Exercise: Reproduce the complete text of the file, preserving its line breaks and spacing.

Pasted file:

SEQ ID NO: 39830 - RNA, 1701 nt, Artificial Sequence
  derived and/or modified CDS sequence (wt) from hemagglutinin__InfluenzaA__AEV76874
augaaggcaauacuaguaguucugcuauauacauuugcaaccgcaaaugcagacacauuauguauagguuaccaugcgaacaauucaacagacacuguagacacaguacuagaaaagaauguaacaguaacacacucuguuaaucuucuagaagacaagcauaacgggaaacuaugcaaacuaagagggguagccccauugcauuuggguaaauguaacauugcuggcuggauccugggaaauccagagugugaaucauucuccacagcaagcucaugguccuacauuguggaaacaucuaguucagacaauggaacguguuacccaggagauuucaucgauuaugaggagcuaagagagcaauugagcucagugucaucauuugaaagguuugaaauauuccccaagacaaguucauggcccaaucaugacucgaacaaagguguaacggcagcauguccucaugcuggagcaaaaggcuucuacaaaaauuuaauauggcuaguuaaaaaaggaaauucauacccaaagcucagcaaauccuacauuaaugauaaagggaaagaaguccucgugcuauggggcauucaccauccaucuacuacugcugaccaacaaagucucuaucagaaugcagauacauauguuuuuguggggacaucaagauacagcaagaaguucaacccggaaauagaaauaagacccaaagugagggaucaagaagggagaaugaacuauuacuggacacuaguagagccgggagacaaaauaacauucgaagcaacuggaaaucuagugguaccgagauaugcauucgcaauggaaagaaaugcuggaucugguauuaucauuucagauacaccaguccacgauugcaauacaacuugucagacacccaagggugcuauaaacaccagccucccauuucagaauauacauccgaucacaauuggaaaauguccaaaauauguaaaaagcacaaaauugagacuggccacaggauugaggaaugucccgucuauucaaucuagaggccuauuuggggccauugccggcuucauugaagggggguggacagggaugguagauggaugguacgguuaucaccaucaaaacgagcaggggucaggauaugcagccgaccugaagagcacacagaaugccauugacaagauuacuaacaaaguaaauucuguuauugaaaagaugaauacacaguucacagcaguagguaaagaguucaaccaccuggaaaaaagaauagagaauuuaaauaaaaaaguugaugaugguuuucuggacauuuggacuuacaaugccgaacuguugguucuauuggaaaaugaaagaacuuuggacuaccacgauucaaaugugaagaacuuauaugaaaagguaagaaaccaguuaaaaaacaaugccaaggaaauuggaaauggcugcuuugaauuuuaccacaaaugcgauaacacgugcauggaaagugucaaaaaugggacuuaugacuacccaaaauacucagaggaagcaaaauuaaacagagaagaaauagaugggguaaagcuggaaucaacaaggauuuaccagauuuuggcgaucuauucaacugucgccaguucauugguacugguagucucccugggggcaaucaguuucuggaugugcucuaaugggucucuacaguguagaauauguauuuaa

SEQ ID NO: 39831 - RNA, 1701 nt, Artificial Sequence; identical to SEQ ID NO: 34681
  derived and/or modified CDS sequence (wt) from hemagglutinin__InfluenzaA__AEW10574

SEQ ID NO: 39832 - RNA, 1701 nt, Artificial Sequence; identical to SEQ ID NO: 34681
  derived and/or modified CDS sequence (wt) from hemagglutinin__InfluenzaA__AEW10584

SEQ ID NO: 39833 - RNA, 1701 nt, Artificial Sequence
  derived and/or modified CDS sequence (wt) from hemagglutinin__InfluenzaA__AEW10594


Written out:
SEQ ID NO: 39830 - RNA, 1701 nt, Artificial Sequence
  derived and/or modified CDS sequence (wt) from hemagglutinin__InfluenzaA__AEV76874
augaaggcaauacuaguaguucugcuauauacauuugcaaccgcaaaugcagacacauuauguauagguuaccaugcgaacaauucaacagacacuguagacacaguacuagaaaagaauguaacaguaacacacucuguuaaucuucuagaagacaagcauaacgggaaacuaugcaaacuaagagggguagccccauugcauuuggguaaauguaacauugcuggcuggauccugggaaauccagagugugaaucauucuccacagcaagcucaugguccuacauuguggaaacaucuaguucagacaauggaacguguuacccaggagauuucaucgauuaugaggagcuaagagagcaauugagcucagugucaucauuugaaagguuugaaauauuccccaagacaaguucauggcccaaucaugacucgaacaaagguguaacggcagcauguccucaugcuggagcaaaaggcuucuacaaaaauuuaauauggcuaguuaaaaaaggaaauucauacccaaagcucagcaaauccuacauuaaugauaaagggaaagaaguccucgugcuauggggcauucaccauccaucuacuacugcugaccaacaaagucucuaucagaaugcagauacauauguuuuuguggggacaucaagauacagcaagaaguucaacccggaaauagaaauaagacccaaagugagggaucaagaagggagaaugaacuauuacuggacacuaguagagccgggagacaaaauaacauucgaagcaacuggaaaucuagugguaccgagauaugcauucgcaauggaaagaaaugcuggaucugguauuaucauuucagauacaccaguccacgauugcaauacaacuugucagacacccaagggugcuauaaacaccagccucccauuucagaauauacauccgaucacaauuggaaaauguccaaaauauguaaaaagcacaaaauugagacuggccacaggauugaggaaugucccgucuauucaaucuagaggccuauuuggggccauugccggcuucauugaagggggguggacagggaugguagauggaugguacgguuaucaccaucaaaacgagcaggggucaggauaugcagccgaccugaagagcacacagaaugccauugacaagauuacuaacaaaguaaauucuguuauugaaaagaugaauacacaguucacagcaguagguaaagaguucaaccaccuggaaaaaagaauagagaauuuaaauaaaaaaguugaugaugguuuucuggacauuuggacuuacaaugccgaacuguugguucuauuggaaaaugaaagaacuuuggacuaccacgauucaaaugugaagaacuuauaugaaaagguaagaaaccaguuaaaaaacaaugccaaggaaauuggaaauggcugcuuugaauuuuaccacaaaugcgauaacacgugcauggaaagugucaaaaaugggacuuaugacuacccaaaauacucagaggaagcaaaauuaaacagagaagaaauagaugggguaaagcuggaaucaacaaggauuuaccagauuuuggcgaucuauucaacugucgccaguucauugguacugguagucucccugggggcaaucaguuucuggaugugcucuaaugggucucuacaguguagaauauguauuuaa

SEQ ID NO: 39831 - RNA, 1701 nt, Artificial Sequence; identical to SEQ ID NO: 34681
  derived and/or modified CDS sequence (wt) from hemagglutinin__InfluenzaA__AEW10574

SEQ ID NO: 39832 - RNA, 1701 nt, Artificial Sequence; identical to SEQ ID NO: 34681
  derived and/or modified CDS sequence (wt) from hemagglutinin__InfluenzaA__AEW10584

SEQ ID NO: 39833 - RNA, 1701 nt, Artificial Sequence
  derived and/or modified CDS sequence (wt) from hemagglutinin__InfluenzaA__AEW10594